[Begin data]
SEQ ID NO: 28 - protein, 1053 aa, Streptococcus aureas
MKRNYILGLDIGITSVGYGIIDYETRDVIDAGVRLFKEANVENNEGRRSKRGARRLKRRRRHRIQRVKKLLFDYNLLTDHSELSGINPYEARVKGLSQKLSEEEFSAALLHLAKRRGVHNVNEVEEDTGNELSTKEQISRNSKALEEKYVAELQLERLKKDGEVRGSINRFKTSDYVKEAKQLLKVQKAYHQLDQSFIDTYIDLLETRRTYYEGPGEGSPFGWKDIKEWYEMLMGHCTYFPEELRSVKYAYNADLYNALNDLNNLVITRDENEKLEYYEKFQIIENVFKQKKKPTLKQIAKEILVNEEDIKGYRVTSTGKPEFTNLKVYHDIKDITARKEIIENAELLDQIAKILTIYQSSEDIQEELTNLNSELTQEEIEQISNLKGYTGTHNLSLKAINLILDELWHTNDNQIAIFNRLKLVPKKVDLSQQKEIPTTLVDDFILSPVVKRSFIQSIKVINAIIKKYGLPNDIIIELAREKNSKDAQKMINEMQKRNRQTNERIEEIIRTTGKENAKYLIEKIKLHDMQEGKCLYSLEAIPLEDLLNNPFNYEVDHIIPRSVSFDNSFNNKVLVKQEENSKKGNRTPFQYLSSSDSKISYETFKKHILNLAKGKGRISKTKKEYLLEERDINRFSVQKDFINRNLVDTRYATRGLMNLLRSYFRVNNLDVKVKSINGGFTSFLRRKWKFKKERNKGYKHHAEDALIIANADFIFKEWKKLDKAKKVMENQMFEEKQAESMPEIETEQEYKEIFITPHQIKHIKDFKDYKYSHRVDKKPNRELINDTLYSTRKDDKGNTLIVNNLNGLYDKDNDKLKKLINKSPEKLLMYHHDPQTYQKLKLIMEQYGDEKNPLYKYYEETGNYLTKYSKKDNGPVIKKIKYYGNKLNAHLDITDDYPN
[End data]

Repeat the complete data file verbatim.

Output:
SEQ ID NO: 28 - protein, 1053 aa, Streptococcus aureas
MKRNYILGLDIGITSVGYGIIDYETRDVIDAGVRLFKEANVENNEGRRSKRGARRLKRRRRHRIQRVKKLLFDYNLLTDHSELSGINPYEARVKGLSQKLSEEEFSAALLHLAKRRGVHNVNEVEEDTGNELSTKEQISRNSKALEEKYVAELQLERLKKDGEVRGSINRFKTSDYVKEAKQLLKVQKAYHQLDQSFIDTYIDLLETRRTYYEGPGEGSPFGWKDIKEWYEMLMGHCTYFPEELRSVKYAYNADLYNALNDLNNLVITRDENEKLEYYEKFQIIENVFKQKKKPTLKQIAKEILVNEEDIKGYRVTSTGKPEFTNLKVYHDIKDITARKEIIENAELLDQIAKILTIYQSSEDIQEELTNLNSELTQEEIEQISNLKGYTGTHNLSLKAINLILDELWHTNDNQIAIFNRLKLVPKKVDLSQQKEIPTTLVDDFILSPVVKRSFIQSIKVINAIIKKYGLPNDIIIELAREKNSKDAQKMINEMQKRNRQTNERIEEIIRTTGKENAKYLIEKIKLHDMQEGKCLYSLEAIPLEDLLNNPFNYEVDHIIPRSVSFDNSFNNKVLVKQEENSKKGNRTPFQYLSSSDSKISYETFKKHILNLAKGKGRISKTKKEYLLEERDINRFSVQKDFINRNLVDTRYATRGLMNLLRSYFRVNNLDVKVKSINGGFTSFLRRKWKFKKERNKGYKHHAEDALIIANADFIFKEWKKLDKAKKVMENQMFEEKQAESMPEIETEQEYKEIFITPHQIKHIKDFKDYKYSHRVDKKPNRELINDTLYSTRKDDKGNTLIVNNLNGLYDKDNDKLKKLINKSPEKLLMYHHDPQTYQKLKLIMEQYGDEKNPLYKYYEETGNYLTKYSKKDNGPVIKKIKYYGNKLNAHLDITDDYPN